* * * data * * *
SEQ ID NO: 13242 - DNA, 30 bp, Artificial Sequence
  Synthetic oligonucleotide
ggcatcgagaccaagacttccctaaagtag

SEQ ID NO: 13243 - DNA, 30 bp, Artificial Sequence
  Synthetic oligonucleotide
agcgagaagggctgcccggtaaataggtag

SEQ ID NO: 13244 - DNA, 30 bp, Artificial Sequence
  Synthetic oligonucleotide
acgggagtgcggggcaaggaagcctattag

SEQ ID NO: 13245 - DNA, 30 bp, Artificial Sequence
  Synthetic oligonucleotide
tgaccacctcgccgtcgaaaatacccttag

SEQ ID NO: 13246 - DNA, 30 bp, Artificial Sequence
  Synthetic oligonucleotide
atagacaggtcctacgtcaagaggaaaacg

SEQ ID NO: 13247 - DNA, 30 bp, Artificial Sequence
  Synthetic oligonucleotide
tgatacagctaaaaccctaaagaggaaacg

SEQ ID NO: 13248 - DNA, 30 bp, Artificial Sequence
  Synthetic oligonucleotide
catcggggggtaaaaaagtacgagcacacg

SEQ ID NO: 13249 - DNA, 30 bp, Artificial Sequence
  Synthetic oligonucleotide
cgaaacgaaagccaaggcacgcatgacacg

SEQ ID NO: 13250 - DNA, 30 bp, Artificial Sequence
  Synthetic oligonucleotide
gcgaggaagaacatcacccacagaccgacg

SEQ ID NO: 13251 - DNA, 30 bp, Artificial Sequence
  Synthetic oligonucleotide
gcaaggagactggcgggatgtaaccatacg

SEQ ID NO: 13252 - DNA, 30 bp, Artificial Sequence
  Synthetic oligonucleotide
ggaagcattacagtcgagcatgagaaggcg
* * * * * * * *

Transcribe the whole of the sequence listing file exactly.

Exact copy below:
SEQ ID NO: 13242 - DNA, 30 bp, Artificial Sequence
  Synthetic oligonucleotide
ggcatcgagaccaagacttccctaaagtag

SEQ ID NO: 13243 - DNA, 30 bp, Artificial Sequence
  Synthetic oligonucleotide
agcgagaagggctgcccggtaaataggtag

SEQ ID NO: 13244 - DNA, 30 bp, Artificial Sequence
  Synthetic oligonucleotide
acgggagtgcggggcaaggaagcctattag

SEQ ID NO: 13245 - DNA, 30 bp, Artificial Sequence
  Synthetic oligonucleotide
tgaccacctcgccgtcgaaaatacccttag

SEQ ID NO: 13246 - DNA, 30 bp, Artificial Sequence
  Synthetic oligonucleotide
atagacaggtcctacgtcaagaggaaaacg

SEQ ID NO: 13247 - DNA, 30 bp, Artificial Sequence
  Synthetic oligonucleotide
tgatacagctaaaaccctaaagaggaaacg

SEQ ID NO: 13248 - DNA, 30 bp, Artificial Sequence
  Synthetic oligonucleotide
catcggggggtaaaaaagtacgagcacacg

SEQ ID NO: 13249 - DNA, 30 bp, Artificial Sequence
  Synthetic oligonucleotide
cgaaacgaaagccaaggcacgcatgacacg

SEQ ID NO: 13250 - DNA, 30 bp, Artificial Sequence
  Synthetic oligonucleotide
gcgaggaagaacatcacccacagaccgacg

SEQ ID NO: 13251 - DNA, 30 bp, Artificial Sequence
  Synthetic oligonucleotide
gcaaggagactggcgggatgtaaccatacg

SEQ ID NO: 13252 - DNA, 30 bp, Artificial Sequence
  Synthetic oligonucleotide
ggaagcattacagtcgagcatgagaaggcg